When I was a boy I was a boy. They said I was innocent! They lied! And then they tortured me with bad ideas. In my house, on Misery Mountain. The sun streaming through and into the bedroom like ethereal fire. And where were you? You were there, with me. You drank what I drank. You burned as I burned. The shadows lengthened as I lengthened and the voices of bad ideas spoke to you as they spoke to me and the bus arrived to take us to school. And there you were, little boy lost, with your scabbed knee and long socks. You were in your uniform and so was I. The sun could see us through the filthy window. The bus rattled and heaved its way around the mountain. A jacaranda tree let its purple drop. You saw it, you were there. You were the tree. You were the purple droppings. You were the throbbing heart of little birds arrested in mid flight as the sun rolled over head and the cold mountain air turned to steam when you let it out. Why didn’t you help me? You knew what we were going through. Why didn’t you save us both? You said to me, in the middle of some long October night, ’There’s nothing here but the rotting smell of melancholy.’ I rolled my eyes at you. You let me down so many times. The summer rolled through, the nights went on and on. Now you’re dead. And I don’t miss you, I just wish you’d come back.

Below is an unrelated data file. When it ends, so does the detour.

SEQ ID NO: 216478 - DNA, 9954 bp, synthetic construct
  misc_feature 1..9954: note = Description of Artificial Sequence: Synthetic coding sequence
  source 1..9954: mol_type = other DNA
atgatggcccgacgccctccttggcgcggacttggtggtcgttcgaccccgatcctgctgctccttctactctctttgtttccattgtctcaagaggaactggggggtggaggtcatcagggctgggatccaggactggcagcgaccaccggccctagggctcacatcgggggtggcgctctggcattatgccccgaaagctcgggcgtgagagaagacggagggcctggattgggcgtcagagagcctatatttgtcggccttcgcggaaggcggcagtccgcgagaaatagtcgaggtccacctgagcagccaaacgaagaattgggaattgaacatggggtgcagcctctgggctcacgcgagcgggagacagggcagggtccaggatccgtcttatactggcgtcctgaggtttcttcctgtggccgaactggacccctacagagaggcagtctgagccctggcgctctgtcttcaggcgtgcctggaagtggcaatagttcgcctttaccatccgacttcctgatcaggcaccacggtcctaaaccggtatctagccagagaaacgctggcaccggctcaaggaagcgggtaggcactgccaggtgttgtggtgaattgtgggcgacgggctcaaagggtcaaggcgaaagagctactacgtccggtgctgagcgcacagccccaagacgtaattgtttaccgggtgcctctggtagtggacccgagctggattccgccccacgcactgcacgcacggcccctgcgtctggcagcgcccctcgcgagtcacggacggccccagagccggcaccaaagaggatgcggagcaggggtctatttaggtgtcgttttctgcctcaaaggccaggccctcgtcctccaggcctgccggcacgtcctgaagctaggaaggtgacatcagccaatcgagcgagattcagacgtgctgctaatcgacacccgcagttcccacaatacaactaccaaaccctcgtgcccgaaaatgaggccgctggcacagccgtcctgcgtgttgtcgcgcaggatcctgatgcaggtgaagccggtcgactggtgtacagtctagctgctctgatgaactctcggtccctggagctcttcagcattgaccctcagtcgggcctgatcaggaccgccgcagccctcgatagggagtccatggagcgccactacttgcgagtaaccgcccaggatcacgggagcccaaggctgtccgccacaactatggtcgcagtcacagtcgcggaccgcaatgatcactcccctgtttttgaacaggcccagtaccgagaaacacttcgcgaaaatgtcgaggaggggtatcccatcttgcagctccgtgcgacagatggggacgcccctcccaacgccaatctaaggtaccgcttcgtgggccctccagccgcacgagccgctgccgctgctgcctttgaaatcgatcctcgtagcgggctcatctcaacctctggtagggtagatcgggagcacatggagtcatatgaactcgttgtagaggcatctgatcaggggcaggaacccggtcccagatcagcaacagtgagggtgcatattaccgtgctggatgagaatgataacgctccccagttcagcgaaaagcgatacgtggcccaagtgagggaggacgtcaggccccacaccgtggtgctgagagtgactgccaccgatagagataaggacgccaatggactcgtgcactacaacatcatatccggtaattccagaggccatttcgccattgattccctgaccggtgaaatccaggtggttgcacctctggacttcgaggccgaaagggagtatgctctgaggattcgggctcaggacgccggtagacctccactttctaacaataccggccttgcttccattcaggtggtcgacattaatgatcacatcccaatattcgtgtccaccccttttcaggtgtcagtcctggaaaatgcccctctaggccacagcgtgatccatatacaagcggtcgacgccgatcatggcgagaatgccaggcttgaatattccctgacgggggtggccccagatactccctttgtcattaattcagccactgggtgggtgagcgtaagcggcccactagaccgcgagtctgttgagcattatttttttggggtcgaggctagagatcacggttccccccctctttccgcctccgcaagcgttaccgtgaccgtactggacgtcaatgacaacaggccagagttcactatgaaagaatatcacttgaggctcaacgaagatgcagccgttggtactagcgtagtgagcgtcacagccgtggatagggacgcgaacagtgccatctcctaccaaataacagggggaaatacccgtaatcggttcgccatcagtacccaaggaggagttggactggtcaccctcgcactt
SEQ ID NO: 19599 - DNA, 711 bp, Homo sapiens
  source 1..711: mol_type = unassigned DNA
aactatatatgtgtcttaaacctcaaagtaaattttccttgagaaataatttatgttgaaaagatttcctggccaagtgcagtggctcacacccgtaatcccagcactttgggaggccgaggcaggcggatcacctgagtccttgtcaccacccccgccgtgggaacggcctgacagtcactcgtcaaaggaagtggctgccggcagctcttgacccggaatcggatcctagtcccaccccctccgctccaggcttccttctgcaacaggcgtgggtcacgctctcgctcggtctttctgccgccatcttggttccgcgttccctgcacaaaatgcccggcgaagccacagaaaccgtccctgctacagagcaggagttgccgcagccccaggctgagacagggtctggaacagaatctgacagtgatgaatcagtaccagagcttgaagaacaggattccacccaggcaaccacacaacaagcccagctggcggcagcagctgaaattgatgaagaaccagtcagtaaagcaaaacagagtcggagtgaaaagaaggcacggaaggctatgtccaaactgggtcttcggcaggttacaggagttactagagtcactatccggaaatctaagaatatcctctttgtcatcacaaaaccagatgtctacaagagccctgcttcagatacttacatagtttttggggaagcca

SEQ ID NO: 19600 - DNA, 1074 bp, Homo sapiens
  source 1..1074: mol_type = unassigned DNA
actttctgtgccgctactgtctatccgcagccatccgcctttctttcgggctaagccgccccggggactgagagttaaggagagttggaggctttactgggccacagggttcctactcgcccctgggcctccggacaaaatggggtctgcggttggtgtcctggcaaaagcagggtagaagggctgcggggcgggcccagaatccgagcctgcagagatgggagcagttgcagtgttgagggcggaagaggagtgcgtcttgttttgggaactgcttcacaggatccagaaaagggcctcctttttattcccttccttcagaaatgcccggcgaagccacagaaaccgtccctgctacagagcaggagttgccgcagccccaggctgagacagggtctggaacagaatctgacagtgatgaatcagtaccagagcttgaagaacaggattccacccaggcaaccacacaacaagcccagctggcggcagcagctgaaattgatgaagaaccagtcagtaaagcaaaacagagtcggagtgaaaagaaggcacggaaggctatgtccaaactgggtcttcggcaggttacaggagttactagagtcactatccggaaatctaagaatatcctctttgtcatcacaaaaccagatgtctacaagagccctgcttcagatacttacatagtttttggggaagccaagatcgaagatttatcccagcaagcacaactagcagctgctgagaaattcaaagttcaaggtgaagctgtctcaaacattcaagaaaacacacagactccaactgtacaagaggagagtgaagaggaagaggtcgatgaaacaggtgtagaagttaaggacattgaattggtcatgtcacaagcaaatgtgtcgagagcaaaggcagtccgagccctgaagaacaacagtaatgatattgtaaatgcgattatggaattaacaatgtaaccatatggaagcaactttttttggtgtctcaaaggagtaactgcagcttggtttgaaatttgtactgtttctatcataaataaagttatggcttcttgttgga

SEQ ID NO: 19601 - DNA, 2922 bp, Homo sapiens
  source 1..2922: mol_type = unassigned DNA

Shake and Bake of eternal life.